The shutdown "isn't about deficits, spending or budgets," a visibly angry Obama said in a statement in the Rose Garden. "This shutdown is about rolling back our efforts to provide health insurance to folks who don't have it."
"This, more than anything else seems to be what the Republican Party stands for these days," Obama said.
But, he added, "shutting down government doesn't accomplish their stated goal."
Up and running Tuesday -- albeit with glitches, Obama noted -- was the healthcare insurance marketplace where individuals can comparison-shop for health coverage. The exchanges -- available online, over the phone and in person -- are designed mainly for people who are uninsured or who buy insurance on their own because they don't get it through work.
"The Affordable Care Act is a law that passed the House, it passed the Senate. The Supreme Court ruled it constitutional. It was a central issue in last year's election. It is settled, and it is here to stay," he said. "And because of its funding sources, it's not impacted by a government shutdown."
The impact of the shutdown that began at midnight may not be known for a while, but the last time Republicans shuttered the federal government in 1996, "it hurt our economy," Obama said.
Even though he signed legislation to ensure active military personnel will be paid, "hundreds of thousands of civilian employees" won't be getting paychecks, the president said.
"I urge the House Republicans to reopen the government and restart the services the American people depend on and allow public servants who have been sent home to return to work," Obama said. "It is only going to happen when Republicans realize they don't get to hold the entire economy hostage over ideological demands."
He repeated his position he would work with Democrats and Republicans "to do the things we need to do -- to grow the economy and create jobs and get our fiscal house in order over the long run."
He also repeated another pledge: He won't negotiate over raising the debt ceiling in mid-October.
"I will not negotiate over Congress' responsibility to pay bills it's already racked up," Obama said.
"The last time Republicans even threatened this course of action, many of you remember back in 2011. Our economy staggered. Our credit rating was downgraded for the first time," Obama said. "If they go through with it this time and force the United States to default on its obligations for the first time in history, it'd be far more dangerous than a government shutdown, as bad as a shutdown is. It would be an economic shutdown."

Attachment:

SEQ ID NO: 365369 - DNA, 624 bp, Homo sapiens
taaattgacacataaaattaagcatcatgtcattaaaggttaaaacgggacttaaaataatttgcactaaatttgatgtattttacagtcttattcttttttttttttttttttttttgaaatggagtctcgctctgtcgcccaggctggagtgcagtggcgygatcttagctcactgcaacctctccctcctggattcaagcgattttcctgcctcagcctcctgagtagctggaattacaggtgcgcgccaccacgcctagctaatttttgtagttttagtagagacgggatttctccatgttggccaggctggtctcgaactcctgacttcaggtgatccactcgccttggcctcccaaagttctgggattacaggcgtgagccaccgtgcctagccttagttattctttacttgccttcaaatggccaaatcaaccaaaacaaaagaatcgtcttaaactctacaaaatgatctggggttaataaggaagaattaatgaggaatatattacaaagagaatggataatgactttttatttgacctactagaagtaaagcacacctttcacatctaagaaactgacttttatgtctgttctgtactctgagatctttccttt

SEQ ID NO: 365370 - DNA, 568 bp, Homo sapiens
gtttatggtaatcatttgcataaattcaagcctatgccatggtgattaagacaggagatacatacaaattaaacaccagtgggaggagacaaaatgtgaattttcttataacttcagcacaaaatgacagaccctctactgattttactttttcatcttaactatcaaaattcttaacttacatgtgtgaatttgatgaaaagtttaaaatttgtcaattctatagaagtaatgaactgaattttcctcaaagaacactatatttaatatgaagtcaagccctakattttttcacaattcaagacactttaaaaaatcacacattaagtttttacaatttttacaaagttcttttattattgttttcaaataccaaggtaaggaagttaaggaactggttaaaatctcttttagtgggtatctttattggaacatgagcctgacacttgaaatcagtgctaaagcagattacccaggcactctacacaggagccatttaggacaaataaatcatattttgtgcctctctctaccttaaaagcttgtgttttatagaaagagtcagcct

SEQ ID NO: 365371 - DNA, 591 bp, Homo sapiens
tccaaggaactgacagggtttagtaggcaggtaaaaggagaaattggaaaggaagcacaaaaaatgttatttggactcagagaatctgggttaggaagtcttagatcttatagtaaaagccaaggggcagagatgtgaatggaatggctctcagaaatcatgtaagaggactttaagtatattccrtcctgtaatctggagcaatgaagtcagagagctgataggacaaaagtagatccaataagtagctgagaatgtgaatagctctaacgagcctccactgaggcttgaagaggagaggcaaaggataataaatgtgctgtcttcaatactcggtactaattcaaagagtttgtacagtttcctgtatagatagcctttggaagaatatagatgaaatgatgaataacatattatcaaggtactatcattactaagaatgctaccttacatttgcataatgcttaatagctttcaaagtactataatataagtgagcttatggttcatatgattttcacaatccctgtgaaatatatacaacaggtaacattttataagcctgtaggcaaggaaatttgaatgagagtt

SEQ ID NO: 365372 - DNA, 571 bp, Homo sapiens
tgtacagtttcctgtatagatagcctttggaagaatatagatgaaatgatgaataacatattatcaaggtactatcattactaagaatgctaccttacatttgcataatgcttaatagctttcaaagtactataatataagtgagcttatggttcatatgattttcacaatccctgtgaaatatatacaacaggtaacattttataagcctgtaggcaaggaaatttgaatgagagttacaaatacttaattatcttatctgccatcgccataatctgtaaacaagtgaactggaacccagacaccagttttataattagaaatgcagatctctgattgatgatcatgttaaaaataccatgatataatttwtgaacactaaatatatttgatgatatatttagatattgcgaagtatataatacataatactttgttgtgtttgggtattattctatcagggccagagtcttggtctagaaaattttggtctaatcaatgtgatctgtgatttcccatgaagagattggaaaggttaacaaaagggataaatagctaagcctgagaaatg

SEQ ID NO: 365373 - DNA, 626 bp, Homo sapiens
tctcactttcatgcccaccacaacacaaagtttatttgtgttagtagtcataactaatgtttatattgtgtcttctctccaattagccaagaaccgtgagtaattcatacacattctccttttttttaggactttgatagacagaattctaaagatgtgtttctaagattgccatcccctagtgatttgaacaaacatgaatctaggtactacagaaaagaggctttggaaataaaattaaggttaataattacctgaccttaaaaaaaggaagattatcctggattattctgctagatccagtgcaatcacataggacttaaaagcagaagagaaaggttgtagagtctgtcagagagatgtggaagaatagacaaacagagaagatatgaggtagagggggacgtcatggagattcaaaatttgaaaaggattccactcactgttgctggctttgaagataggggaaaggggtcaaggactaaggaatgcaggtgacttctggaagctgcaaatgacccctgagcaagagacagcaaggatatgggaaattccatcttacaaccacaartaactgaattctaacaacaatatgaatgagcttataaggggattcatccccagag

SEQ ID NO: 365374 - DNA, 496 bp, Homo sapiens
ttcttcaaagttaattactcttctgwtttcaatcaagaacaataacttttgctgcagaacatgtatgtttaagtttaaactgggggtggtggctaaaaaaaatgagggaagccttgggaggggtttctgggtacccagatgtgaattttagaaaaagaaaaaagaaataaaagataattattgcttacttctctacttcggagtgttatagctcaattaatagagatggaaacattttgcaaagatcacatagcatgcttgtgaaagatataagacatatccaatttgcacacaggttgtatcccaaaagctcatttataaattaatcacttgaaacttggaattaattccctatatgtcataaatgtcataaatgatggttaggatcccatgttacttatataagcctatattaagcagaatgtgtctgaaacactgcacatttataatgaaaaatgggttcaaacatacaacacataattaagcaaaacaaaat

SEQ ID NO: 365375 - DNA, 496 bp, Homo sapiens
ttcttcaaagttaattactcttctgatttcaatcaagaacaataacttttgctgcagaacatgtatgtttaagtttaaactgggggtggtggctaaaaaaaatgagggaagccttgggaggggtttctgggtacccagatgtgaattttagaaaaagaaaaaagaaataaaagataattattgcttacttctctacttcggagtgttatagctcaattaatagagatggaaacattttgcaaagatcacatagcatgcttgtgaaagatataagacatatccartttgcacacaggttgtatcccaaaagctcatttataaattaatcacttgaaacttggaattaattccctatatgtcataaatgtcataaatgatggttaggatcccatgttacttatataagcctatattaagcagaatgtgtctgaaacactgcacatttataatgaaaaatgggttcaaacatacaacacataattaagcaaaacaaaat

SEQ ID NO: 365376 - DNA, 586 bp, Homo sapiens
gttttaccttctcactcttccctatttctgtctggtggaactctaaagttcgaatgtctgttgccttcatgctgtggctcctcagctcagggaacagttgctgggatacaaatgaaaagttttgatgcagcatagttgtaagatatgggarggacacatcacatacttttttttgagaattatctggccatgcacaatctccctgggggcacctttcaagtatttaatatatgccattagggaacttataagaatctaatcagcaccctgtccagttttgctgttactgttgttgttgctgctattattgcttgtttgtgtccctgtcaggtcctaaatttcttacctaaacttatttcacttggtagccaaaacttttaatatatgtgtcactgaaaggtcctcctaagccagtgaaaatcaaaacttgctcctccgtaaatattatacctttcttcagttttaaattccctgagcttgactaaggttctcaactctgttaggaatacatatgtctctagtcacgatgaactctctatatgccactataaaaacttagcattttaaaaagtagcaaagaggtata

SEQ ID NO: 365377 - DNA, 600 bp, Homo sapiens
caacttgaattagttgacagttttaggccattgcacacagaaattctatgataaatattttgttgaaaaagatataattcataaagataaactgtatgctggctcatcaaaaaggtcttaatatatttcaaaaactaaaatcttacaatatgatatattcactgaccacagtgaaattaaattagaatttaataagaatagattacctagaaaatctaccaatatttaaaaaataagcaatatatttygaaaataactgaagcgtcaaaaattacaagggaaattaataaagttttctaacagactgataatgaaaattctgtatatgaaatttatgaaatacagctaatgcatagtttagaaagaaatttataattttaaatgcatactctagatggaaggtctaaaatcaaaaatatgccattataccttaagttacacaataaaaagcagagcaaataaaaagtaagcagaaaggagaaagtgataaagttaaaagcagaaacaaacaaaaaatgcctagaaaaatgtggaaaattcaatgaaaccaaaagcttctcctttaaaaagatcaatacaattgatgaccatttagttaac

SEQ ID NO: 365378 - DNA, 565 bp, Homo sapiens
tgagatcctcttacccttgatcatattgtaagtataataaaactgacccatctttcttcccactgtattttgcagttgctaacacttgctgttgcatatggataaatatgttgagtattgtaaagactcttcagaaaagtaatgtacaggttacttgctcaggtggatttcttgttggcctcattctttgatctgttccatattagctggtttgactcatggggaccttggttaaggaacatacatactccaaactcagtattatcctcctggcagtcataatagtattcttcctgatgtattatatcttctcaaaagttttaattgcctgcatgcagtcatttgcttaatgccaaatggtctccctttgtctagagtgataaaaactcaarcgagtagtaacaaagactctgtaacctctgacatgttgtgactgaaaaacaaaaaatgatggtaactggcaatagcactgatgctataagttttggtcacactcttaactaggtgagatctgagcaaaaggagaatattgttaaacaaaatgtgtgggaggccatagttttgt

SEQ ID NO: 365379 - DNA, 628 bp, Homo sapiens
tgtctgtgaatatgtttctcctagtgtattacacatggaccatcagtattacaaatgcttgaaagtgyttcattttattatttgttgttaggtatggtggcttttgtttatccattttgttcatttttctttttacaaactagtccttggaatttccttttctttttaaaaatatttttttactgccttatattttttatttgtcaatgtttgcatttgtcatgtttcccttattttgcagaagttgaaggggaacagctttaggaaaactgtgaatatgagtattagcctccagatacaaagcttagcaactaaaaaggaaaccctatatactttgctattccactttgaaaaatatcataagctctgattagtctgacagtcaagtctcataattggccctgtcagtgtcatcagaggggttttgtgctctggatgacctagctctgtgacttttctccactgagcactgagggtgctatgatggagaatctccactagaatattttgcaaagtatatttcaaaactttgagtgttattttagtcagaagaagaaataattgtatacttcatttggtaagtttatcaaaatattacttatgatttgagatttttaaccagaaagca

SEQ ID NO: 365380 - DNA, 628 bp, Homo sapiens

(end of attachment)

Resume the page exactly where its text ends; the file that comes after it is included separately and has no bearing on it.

"I'm not going to allow anybody to drag the good name of the United States of America through the mud just to refight a settled election or extract ideological demands," he said. "Nobody gets to hurt our economy and millions of hard-working families over a law you don't like."
Throughout Monday and early Tuesday, the GOP-controlled House passed -- and the Democratically controlled Senate rejected -- measures to avert a shutdown, but with Obamacare-related strings attached. The Senate leadership said it wanted a clean stopgap funding bill.
"The government is closed," Senate Majority Leader Harry Reid said. "All over America, federal employees are getting furloughs this morning ... because of the irrationality that is going on in the other side [the House] of the Capitol."
Senate Minority Leader Mitch McConnell accused Democrats of rooting for a shutdown all along.
"Democratic leaders in Congress finally have their prize -- a government shutdown that no one seems to want but them," McConnell said. "With just hours left to go Democrats voted again and again to reject reasonable legislation."
"They don't even want to talk about it."
The shutdown means 800,000 of the government's 2.9 million federal workers are furloughed and more than a million others have been asked to work without pay.
The Office of Management and Budget issued orders just before the midnight deadline for agencies to "execute plans for an orderly shutdown due to the absence of appropriations" from Congress.
As part of the orderly shutdown, many federal workers will report to their agencies for a half day of shutdown preparations before being sent home.
Essential functions such as law enforcement and air-traffic control continue, although tens of thousands of controllers, prison guards and Border Patrol agents are required to work without pay.
National parks, monuments and museums, as well as most federal offices, are closed. Many federal activities, including Internal Revenue Service audits and flu-outbreak surveillance, have been suspended.
Numerous congressional hearings -- including one scheduled for Tuesday on last month's Washington Navy Yard shootings -- are postponed.